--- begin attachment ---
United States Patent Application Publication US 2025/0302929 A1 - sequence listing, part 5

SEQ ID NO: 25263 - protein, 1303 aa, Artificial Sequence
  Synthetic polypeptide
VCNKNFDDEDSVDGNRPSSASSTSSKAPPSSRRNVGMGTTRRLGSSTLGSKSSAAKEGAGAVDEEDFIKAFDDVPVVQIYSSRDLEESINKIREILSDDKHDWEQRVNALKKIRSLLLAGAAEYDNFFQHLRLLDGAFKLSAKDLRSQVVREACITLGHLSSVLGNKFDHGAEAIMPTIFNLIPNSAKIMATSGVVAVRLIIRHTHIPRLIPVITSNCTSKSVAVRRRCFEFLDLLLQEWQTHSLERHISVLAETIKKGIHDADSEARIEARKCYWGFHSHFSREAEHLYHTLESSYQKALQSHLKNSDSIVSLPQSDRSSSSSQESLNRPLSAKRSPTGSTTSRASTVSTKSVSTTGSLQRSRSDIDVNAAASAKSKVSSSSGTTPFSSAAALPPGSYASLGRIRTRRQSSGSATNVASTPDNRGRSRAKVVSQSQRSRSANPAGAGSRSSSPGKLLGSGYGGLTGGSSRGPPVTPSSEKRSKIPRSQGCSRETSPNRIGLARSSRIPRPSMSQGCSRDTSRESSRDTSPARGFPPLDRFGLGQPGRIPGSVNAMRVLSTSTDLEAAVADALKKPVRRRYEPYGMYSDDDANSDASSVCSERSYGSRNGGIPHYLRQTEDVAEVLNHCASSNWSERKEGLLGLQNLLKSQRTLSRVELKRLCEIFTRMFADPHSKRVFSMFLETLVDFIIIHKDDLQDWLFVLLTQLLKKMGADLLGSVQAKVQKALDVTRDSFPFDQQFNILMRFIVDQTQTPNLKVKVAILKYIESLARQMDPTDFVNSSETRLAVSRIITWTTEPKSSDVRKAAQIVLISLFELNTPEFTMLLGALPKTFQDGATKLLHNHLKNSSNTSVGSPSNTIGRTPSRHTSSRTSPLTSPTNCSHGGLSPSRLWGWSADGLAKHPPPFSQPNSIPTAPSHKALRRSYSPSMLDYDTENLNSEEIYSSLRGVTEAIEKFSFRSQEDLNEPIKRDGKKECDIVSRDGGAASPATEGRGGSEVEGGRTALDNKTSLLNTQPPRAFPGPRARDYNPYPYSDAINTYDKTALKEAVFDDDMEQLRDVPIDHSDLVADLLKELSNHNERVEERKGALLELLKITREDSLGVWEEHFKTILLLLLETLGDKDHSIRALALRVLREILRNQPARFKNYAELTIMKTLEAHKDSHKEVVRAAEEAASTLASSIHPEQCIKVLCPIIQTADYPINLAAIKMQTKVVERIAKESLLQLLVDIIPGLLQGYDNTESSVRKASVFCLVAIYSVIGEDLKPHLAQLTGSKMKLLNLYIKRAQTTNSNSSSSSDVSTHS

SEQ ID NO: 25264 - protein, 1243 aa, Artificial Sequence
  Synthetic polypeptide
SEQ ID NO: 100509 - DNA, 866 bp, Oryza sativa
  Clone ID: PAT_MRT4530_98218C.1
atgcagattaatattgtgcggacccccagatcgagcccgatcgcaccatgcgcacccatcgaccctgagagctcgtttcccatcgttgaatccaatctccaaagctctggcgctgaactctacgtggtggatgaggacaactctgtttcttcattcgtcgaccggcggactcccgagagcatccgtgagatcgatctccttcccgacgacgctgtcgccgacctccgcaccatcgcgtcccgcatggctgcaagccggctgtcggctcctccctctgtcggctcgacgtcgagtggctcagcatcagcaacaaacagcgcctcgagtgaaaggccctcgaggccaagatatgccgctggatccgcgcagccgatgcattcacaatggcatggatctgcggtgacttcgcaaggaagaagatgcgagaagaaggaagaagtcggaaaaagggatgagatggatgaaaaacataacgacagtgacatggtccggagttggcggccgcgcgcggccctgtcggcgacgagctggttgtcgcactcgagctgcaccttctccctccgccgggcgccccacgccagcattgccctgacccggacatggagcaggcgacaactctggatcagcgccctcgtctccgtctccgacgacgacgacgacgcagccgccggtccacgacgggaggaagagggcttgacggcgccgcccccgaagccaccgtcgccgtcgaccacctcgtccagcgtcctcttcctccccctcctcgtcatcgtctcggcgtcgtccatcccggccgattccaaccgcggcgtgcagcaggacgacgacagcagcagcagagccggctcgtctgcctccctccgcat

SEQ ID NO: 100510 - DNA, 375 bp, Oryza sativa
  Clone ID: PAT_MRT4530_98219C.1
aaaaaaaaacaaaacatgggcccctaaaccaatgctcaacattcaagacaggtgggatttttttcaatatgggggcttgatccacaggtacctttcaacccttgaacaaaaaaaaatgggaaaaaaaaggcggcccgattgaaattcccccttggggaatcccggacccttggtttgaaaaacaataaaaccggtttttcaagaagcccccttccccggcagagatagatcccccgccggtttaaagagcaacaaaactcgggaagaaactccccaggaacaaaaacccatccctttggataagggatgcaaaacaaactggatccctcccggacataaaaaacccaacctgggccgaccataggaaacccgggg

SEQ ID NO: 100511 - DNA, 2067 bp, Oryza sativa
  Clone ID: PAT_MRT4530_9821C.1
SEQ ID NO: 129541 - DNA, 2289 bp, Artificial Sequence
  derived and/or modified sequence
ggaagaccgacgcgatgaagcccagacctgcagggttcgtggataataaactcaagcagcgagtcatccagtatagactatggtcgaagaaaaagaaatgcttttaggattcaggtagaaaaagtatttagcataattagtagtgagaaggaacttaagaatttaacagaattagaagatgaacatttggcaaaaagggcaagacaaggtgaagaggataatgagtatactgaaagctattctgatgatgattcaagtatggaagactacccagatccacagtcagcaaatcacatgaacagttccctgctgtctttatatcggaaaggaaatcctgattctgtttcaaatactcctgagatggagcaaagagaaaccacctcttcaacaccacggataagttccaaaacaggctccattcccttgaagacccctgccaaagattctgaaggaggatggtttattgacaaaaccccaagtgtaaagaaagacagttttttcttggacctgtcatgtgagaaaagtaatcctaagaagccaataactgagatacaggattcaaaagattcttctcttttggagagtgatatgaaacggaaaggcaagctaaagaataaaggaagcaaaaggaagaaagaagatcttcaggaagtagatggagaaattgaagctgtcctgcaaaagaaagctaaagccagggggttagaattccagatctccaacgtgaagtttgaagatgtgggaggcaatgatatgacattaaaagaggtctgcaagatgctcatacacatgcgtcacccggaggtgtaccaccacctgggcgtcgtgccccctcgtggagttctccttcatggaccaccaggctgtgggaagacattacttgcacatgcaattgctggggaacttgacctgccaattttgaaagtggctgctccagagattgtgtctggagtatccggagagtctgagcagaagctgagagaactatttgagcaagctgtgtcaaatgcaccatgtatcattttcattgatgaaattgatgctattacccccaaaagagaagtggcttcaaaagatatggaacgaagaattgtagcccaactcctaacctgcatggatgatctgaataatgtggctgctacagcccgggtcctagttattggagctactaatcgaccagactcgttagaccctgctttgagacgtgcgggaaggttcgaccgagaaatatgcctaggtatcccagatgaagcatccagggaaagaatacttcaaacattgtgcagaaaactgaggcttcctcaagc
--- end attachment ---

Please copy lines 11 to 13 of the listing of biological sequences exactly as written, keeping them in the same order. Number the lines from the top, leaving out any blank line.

  Clone ID: PAT_MRT4530_98219C.1
aaaaaaaaacaaaacatgggcccctaaaccaatgctcaacattcaagacaggtgggatttttttcaatatgggggcttgatccacaggtacctttcaacccttgaacaaaaaaaaatgggaaaaaaaaggcggcccgattgaaattcccccttggggaatcccggacccttggtttgaaaaacaataaaaccggtttttcaagaagcccccttccccggcagagatagatcccccgccggtttaaagagcaacaaaactcgggaagaaactccccaggaacaaaaacccatccctttggataagggatgcaaaacaaactggatccctcccggacataaaaaacccaacctgggccgaccataggaaacccgggg

SEQ ID NO: 100511 - DNA, 2067 bp, Oryza sativa